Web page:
The use of a cooling cap to reduce alopecia during chemotherapy has been expanded beyond breast cancer to other solid tumors.
The US Food and Drug Administration (FDA) announced the expanded use of a cooling cap, the DigniCap Cooling System, in a press release.
“We are pleased to expand the use of this product for cancer patients with solid tumors to potentially minimize chemotherapy-induced hair loss,” said Binita Ashar, MD, director of the division of surgical devices in the FDA’s Center for Devices and Radiological Health. “Managing the side effects of chemotherapy is a critical component to overall health and quality of life.”
The DigniCap Cooling System is a computer-controlled system used during chemotherapy. A cap worn on the head circulates liquid to cool the scalp during treatment. The cap is covered by a second cap made from neoprene to hold the cooling cap in place and insulate against cooling loss.
The cooling constricts blood vessels in the scalp, which reduces the amount of chemotherapy that reaches cells in the hair follicles. Cold temperature also decreases the activity of the hair follicles and slows down cell division, making them less affected by chemotherapy.
DigniCap may not work with some chemotherapy regimens, the FDA noted.
In 2015, the FDA granted marketing authorization of the DigniCap for use in patients with breast cancer. For that authorization, studies of women with breast cancer who were undergoing chemotherapy using recognized regimens that have been associated with hair loss demonstrated that more than 66% of patients treated reported losing less than half of their hair.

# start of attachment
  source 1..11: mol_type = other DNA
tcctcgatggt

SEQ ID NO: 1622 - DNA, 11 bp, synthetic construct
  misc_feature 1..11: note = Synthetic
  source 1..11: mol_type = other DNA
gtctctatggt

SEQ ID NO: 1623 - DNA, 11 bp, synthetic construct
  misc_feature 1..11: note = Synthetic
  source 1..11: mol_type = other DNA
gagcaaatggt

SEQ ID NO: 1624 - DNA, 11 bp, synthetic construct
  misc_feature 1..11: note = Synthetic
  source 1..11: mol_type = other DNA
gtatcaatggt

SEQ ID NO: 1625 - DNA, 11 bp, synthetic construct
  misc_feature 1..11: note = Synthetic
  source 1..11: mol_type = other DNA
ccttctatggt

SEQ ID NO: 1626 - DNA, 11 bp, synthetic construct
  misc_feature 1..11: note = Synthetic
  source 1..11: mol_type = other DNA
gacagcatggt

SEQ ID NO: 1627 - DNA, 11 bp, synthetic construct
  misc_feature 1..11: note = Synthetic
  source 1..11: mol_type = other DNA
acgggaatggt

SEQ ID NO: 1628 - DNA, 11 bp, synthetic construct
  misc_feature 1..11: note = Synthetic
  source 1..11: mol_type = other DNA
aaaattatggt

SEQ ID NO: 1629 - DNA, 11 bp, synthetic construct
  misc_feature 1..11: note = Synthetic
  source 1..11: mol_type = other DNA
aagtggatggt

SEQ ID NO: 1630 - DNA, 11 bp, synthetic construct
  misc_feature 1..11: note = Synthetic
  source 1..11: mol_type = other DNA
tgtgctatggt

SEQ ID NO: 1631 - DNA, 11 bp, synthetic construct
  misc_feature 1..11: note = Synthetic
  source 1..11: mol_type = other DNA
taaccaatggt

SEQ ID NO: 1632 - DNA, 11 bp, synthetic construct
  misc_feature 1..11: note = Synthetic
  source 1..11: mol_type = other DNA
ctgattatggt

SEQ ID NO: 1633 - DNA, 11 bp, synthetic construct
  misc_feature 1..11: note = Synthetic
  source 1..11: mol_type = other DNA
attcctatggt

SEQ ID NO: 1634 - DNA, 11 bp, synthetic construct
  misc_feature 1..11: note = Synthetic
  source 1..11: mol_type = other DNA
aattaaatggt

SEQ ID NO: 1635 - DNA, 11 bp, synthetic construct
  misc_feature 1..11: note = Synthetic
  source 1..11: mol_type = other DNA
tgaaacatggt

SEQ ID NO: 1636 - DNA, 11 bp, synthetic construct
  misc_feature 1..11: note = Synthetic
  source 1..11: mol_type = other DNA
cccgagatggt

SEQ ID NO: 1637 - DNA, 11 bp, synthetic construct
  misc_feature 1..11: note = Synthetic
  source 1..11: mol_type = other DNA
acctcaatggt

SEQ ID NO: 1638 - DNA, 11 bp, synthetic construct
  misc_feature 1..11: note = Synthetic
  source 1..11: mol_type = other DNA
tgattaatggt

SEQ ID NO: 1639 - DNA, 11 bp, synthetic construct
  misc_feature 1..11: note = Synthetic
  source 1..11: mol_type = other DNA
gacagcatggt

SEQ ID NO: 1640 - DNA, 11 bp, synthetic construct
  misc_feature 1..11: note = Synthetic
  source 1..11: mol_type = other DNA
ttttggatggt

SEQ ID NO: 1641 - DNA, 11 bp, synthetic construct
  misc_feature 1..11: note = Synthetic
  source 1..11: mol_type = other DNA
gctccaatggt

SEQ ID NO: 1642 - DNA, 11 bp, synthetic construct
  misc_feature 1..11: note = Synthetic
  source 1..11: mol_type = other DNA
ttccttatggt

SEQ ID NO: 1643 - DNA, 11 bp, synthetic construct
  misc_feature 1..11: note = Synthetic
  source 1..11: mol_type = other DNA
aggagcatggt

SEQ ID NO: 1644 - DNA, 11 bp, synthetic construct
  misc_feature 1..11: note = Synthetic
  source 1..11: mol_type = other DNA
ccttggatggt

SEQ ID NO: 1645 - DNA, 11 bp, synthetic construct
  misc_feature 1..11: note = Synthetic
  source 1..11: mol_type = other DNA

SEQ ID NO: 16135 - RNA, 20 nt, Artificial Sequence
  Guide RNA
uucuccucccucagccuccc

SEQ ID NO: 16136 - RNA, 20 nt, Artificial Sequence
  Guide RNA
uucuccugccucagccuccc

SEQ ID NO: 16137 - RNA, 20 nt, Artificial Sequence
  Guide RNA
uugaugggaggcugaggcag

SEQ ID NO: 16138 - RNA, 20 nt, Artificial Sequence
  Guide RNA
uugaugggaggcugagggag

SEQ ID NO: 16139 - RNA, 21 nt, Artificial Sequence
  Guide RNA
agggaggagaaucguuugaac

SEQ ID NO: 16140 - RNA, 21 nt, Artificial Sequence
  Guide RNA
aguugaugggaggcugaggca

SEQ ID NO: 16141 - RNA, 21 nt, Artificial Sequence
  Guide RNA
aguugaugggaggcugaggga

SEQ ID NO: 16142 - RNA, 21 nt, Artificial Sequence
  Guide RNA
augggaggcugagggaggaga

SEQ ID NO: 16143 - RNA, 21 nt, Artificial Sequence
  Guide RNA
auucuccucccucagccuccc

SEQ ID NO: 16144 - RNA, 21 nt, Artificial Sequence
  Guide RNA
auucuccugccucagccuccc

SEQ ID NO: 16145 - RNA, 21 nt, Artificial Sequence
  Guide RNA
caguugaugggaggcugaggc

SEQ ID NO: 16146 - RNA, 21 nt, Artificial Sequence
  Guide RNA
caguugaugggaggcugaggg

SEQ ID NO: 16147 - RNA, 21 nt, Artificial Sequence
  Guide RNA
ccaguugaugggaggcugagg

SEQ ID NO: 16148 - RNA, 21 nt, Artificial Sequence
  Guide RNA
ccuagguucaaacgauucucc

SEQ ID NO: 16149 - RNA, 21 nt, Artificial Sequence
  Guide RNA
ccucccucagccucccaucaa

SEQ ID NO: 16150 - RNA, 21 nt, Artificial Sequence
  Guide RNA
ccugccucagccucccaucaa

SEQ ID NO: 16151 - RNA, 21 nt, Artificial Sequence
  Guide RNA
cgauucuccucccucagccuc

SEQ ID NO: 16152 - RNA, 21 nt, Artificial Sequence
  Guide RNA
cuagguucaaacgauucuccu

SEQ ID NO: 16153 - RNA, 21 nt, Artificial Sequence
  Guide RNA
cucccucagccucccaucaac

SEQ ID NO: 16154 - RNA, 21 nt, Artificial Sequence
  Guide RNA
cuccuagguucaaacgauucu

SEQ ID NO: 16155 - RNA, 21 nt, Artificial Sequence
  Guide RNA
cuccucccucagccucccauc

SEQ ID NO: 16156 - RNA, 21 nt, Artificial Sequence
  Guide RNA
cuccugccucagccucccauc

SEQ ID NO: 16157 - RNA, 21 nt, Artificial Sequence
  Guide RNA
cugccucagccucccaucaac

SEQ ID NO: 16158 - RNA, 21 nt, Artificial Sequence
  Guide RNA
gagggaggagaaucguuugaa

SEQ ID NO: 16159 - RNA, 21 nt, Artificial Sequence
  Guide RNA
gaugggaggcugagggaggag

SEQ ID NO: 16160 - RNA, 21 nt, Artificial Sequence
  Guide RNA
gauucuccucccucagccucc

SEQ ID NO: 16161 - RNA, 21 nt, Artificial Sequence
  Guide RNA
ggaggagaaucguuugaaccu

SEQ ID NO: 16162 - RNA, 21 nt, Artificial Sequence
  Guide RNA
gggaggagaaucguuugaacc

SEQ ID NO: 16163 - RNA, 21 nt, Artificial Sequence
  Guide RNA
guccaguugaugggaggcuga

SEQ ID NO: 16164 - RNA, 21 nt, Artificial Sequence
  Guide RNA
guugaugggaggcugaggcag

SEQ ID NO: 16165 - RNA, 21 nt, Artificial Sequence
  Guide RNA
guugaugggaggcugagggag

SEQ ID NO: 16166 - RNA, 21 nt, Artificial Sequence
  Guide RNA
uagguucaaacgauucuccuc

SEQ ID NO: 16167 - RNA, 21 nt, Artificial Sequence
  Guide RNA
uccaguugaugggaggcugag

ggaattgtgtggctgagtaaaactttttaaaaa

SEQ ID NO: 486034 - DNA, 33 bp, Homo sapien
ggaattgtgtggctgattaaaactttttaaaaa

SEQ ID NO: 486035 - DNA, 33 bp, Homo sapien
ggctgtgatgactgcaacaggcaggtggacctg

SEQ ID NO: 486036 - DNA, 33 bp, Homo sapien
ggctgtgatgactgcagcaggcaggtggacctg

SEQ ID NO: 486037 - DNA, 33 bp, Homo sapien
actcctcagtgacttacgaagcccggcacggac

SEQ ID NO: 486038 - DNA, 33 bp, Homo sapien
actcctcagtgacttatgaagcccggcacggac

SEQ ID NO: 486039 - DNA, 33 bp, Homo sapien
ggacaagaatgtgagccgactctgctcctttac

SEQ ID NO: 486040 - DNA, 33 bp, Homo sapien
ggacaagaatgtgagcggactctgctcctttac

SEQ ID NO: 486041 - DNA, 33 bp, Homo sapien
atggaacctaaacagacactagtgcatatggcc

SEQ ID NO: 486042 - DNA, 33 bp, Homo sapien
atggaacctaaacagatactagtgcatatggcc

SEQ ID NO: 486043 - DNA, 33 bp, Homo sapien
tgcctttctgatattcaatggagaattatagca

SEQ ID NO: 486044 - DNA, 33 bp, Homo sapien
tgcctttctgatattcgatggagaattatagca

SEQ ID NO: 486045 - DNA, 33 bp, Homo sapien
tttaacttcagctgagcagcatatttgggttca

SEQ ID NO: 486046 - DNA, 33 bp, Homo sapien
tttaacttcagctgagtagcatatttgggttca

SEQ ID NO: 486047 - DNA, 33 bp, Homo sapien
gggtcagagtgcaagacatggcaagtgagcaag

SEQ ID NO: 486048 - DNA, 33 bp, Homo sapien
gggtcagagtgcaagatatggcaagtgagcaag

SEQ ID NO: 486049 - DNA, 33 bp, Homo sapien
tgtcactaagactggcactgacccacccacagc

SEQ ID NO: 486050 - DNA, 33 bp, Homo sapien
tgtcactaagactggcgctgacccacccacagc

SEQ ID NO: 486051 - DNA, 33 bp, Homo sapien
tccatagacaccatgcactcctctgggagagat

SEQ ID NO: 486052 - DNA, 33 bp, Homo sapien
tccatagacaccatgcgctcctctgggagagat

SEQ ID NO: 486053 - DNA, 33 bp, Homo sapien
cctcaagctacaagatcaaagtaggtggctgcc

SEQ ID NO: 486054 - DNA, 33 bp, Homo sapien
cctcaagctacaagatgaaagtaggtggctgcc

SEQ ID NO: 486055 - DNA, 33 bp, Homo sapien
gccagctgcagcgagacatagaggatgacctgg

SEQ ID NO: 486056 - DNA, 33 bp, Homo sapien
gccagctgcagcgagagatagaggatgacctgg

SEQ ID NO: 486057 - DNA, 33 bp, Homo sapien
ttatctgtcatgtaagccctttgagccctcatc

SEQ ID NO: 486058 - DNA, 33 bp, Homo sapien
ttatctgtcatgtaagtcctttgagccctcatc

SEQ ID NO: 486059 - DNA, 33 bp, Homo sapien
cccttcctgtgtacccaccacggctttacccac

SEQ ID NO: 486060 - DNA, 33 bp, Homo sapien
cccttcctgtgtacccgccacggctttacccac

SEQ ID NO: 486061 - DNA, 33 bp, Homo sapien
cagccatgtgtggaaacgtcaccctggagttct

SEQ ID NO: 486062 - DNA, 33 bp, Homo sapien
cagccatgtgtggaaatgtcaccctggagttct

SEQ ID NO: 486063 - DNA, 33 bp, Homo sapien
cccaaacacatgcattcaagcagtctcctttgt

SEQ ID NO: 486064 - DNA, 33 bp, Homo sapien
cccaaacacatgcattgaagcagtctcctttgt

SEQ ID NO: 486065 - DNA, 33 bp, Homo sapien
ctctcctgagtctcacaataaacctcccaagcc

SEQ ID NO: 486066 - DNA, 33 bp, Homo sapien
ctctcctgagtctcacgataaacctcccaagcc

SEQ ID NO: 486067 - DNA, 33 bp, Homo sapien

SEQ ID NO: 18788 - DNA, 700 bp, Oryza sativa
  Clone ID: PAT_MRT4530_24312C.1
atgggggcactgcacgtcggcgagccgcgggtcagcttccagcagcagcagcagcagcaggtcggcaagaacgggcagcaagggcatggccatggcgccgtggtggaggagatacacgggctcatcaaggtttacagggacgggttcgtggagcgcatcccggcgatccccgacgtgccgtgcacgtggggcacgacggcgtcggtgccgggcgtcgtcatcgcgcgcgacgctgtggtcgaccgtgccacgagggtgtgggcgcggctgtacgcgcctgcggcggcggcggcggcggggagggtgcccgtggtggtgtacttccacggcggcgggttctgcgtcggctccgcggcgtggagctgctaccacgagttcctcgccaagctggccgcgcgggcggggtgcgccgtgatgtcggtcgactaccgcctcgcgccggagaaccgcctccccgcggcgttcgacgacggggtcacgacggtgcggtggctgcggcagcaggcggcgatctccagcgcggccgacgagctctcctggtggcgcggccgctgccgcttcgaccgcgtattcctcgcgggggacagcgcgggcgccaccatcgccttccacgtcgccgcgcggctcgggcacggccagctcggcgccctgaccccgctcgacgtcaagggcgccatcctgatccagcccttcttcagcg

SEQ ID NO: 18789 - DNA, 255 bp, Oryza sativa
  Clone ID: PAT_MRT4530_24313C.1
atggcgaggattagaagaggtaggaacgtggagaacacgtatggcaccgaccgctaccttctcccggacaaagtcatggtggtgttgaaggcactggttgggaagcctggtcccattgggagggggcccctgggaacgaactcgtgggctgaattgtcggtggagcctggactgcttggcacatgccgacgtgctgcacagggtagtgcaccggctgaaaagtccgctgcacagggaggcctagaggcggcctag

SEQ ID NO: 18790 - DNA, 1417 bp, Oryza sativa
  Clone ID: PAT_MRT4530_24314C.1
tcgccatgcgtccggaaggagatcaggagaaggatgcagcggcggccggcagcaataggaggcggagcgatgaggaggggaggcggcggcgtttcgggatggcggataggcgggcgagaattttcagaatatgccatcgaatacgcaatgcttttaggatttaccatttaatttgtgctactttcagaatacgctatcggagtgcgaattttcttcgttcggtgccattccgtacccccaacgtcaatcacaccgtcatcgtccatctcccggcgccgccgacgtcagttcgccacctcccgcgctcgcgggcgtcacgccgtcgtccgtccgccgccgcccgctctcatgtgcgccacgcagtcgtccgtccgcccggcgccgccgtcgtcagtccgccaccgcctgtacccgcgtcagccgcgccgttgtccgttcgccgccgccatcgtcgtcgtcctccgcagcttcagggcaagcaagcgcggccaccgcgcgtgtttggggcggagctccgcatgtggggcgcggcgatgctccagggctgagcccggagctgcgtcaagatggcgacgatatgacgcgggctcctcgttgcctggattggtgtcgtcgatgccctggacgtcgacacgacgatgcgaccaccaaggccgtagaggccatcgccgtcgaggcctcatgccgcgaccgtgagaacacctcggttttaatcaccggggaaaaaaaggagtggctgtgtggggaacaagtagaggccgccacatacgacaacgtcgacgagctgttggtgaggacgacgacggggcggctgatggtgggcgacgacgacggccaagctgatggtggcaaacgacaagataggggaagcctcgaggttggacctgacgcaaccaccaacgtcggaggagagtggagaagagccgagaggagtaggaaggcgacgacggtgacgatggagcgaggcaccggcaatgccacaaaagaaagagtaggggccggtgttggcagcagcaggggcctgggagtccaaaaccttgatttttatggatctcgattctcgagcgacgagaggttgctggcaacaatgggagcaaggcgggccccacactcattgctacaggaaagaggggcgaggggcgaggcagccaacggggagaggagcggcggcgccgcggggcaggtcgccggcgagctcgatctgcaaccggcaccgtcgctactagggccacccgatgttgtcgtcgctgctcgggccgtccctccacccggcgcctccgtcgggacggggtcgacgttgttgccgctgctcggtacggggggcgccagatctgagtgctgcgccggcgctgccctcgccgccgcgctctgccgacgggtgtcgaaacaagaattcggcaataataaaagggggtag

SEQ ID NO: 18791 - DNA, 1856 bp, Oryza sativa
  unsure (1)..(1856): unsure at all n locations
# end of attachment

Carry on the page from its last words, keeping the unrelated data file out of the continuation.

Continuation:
A recent prospective cohort study found that the use of scalp cooling was associated with reduced hair loss at 4 weeks after the last dose of chemotherapy among women undergoing non–anthracycline-based adjuvant chemotherapy for early-stage breast cancer. The multicenter study found that two-thirds of patients reported hair loss of 50% or less in a scalp cooling group vs no patients in a control group, as well as quality-of-life benefits for the scalp cooling group.
The FDA analyzed published, peer-reviewed articles of the DigniCap in cancer patients with solid tumors in other areas of the body besides the breast, and concluded that these studies provided valid scientific evidence to support the safety and efficacy of the expanded indication.
They noted that the device is contraindicated for pediatric patients, patients with some certain cancers, and patients undergoing some specific chemotherapy treatments. Additionally, it may not be appropriate for patients with cold sensitivity or susceptibility to cold-related injuries.
The most common side effects of the cooling system include cold-induced headaches and neck and shoulder discomfort, chills, and pain associated with wearing the cooling cap for an extended period of time. The risk of the chemotherapy drug missing an isolated grouping of cancer cells in the scalp because of the cooling cap is rare, they noted, adding that long-term effects of scalp cooling and risk of scalp metastasis have not been fully studied.